Clinical pharmacokinetics and pharmacodynamics of aliskiren.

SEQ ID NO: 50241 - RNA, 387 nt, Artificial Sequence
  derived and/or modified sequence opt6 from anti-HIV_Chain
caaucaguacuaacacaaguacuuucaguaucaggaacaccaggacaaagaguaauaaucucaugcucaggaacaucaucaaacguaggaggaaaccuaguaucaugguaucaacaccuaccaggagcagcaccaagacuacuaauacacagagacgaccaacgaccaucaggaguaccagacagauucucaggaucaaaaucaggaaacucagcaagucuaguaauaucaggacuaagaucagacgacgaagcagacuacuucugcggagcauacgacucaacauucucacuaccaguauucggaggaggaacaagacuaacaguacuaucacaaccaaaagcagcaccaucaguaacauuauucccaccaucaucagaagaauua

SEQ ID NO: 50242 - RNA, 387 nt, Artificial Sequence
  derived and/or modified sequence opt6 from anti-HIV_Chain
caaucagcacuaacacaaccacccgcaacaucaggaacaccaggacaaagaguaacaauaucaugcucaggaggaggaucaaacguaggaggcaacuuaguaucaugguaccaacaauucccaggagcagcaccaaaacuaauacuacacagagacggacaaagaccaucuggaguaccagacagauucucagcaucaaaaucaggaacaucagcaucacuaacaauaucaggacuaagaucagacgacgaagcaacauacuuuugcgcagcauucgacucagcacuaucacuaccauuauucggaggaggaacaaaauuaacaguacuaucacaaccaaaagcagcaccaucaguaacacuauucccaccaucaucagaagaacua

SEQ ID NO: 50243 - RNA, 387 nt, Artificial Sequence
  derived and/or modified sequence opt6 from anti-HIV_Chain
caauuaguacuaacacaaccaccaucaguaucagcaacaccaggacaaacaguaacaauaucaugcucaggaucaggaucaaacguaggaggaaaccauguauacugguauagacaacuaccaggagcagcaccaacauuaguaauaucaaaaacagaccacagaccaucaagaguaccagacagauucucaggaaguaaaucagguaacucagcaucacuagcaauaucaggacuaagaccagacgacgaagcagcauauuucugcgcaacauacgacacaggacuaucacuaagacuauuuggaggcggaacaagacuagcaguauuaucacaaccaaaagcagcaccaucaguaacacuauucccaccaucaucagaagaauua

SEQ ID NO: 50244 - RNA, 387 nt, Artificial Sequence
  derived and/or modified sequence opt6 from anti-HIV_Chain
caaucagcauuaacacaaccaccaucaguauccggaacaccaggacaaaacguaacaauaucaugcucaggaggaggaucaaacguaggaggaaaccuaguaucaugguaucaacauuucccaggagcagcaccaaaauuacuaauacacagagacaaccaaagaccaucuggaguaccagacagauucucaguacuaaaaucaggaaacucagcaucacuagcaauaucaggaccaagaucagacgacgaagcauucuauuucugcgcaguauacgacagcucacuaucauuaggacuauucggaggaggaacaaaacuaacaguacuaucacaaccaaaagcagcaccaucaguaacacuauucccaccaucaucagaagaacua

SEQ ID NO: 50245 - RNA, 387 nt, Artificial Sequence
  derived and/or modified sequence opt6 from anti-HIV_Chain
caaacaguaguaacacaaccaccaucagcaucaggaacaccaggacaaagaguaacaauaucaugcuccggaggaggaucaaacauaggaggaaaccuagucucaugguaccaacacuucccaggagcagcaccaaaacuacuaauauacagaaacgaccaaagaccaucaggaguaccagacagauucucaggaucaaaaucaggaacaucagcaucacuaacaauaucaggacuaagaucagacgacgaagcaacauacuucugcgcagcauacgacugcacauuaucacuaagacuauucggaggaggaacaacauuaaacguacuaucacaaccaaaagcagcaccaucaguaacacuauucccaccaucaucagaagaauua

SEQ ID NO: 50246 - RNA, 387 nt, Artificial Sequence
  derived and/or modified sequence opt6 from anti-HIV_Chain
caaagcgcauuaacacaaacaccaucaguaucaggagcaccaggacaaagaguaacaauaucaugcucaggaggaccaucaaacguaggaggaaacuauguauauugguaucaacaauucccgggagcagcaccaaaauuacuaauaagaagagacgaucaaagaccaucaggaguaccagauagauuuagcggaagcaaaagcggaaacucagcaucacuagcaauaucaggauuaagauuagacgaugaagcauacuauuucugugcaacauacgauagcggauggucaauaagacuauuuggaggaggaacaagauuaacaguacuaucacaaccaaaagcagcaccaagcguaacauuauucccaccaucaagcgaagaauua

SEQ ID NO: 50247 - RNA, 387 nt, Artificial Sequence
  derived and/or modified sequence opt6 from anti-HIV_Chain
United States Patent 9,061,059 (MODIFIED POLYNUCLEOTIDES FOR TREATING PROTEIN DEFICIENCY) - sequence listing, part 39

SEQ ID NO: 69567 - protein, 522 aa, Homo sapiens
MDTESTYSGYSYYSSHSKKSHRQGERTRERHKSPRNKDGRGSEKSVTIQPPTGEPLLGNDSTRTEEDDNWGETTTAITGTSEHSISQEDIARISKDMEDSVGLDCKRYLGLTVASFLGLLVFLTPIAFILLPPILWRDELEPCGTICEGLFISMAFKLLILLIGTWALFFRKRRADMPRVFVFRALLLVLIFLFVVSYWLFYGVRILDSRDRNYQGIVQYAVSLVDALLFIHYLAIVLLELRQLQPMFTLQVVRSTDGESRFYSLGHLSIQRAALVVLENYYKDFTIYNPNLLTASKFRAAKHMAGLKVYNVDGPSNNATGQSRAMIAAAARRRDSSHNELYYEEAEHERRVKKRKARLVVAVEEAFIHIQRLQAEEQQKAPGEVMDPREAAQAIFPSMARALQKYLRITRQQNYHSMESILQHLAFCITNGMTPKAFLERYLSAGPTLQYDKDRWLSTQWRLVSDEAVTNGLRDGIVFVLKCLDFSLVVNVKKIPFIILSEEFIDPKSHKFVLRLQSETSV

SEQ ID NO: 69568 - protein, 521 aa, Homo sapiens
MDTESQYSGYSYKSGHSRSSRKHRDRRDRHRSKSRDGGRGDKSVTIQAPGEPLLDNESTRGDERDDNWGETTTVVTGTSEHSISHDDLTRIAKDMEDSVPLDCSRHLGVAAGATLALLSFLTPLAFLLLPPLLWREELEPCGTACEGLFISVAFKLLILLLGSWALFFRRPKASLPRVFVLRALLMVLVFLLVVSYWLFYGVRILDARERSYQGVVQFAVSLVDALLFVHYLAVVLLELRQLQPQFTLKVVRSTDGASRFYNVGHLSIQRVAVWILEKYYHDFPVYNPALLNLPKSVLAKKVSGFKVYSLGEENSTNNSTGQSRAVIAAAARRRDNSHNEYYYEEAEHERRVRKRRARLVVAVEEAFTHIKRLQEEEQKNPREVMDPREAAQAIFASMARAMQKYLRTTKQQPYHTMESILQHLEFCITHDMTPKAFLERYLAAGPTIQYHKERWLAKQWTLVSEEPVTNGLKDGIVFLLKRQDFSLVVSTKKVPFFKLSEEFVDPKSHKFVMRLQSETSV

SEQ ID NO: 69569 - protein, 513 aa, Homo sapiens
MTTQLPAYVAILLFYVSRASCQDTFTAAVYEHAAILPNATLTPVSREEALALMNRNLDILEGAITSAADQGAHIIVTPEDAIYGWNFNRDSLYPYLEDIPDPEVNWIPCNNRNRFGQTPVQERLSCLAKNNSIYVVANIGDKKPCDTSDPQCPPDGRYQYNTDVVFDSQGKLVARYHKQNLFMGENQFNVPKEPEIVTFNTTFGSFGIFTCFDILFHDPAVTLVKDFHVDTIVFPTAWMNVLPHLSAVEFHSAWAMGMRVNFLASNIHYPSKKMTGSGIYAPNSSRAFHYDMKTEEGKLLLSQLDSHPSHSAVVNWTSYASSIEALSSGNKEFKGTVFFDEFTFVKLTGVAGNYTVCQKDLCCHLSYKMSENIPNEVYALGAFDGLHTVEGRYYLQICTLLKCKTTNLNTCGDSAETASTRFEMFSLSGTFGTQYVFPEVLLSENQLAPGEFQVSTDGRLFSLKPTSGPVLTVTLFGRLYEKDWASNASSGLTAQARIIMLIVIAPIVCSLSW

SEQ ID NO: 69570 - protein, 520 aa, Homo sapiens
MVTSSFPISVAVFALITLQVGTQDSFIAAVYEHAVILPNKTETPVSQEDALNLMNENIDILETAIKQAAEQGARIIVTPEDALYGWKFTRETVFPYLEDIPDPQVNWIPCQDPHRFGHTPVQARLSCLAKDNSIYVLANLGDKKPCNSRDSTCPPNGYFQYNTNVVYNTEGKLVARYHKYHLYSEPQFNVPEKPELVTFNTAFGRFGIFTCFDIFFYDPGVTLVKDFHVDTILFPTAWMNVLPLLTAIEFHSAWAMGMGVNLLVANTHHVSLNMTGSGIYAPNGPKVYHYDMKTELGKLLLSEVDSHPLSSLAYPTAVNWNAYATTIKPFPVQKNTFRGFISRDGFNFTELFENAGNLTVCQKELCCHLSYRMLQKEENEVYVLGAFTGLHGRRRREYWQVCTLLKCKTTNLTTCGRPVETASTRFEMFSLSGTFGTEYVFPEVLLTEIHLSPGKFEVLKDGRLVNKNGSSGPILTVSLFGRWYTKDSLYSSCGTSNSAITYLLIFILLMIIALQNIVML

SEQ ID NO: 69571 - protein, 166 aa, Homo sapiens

Aliskiren is the first orally bioavailable direct renin inhibitor approved for the treatment of hypertension. It acts at the point of activation of the renin-angiotensin-aldosterone system, or renin system, inhibiting the conversion of angiotensinogen to angiotensin I by renin and thereby reducing the formation of angiotensin II by angiotensin-converting enzyme (ACE) and ACE-independent pathways. Aliskiren is a highly potent inhibitor of human renin in vitro (concentration of aliskiren that produces 50% inhibition of renin 0.6 nmol/L). Aliskiren is rapidly absorbed following oral administration, with maximum plasma concentrations reached within 1-3 hours. The absolute bioavailability of aliskiren is 2.6%. The binding of aliskiren to plasma proteins is moderate (47-51%) and is independent of the concentration. Once absorbed, aliskiren is eliminated through the hepatobiliary route as unchanged drug and, to a lesser extent, through oxidative metabolism by cytochrome P450 (CYP) 3A4. Unchanged aliskiren accounts for approximately 80% of the drug in the plasma following oral administration, indicating low exposure to metabolites. The two major oxidized metabolites of aliskiren account for less than 5% of the drug in the plasma at the time of the maximum concentration. Aliskiren excretion is almost completely via the biliary/faecal route; 0.6% of the dose is recovered in the urine. Steady-state plasma concentrations of aliskiren are reached after 7-8 days of once-daily dosing, and the accumulation factor for aliskiren is approximately 2. After reaching the peak, the aliskiren plasma concentration declines in a multiphasic fashion. No clinically relevant effects of gender or race on the pharmacokinetics of aliskiren are observed, and no adjustment of the initial aliskiren dose is required for elderly patients or for patients with renal or hepatic impairment. Aliskiren showed no clinically significant increases in exposure during coadministration with a wide range of potential concomitant medications, although increases in exposure were observed with P-glycoprotein inhibitors. Aliskiren does not inhibit or induce CYP isoenzyme or P-glycoprotein activity, although aliskiren is a substrate for P-glycoprotein, which contributes to its relatively low bioavailability. Aliskiren is approved for the treatment of hypertension at once-daily doses of 150 mg and 300 mg. Phase II and III clinical studies involving over 12,000 patients with hypertension have demonstrated that aliskiren provides effective long-term blood pressure (BP) lowering with a good safety and tolerability profile at these doses. Aliskiren inhibits plasma renin activity (PRA) by up to 80% following both single and multiple oral-dose administration. Similar reductions in PRA are observed when aliskiren is administered in combination with agents that alone increase PRA, including diuretics (hydrochlorothiazide, furosemide [frusemide]), ACE inhibitors (ramipril) and angiotensin receptor blockers (valsartan), despite greater increases in the plasma renin concentration. Moreover, PRA inhibition and BP reductions persist for 2-4 weeks after stopping treatment, which is likely to be of benefit in patients with hypertension who occasionally miss a dose of medication. Preliminary data on the antiproteinuric effects of aliskiren in type 2 diabetes mellitus suggest that renoprotective effects beyond BP lowering may be possible. Further studies to evaluate the effects of aliskiren on cardiovascular outcomes and target organ protection are ongoing and will provide important new data on the role of direct renin inhibition in the management of hypertension and other cardiovascular disease.
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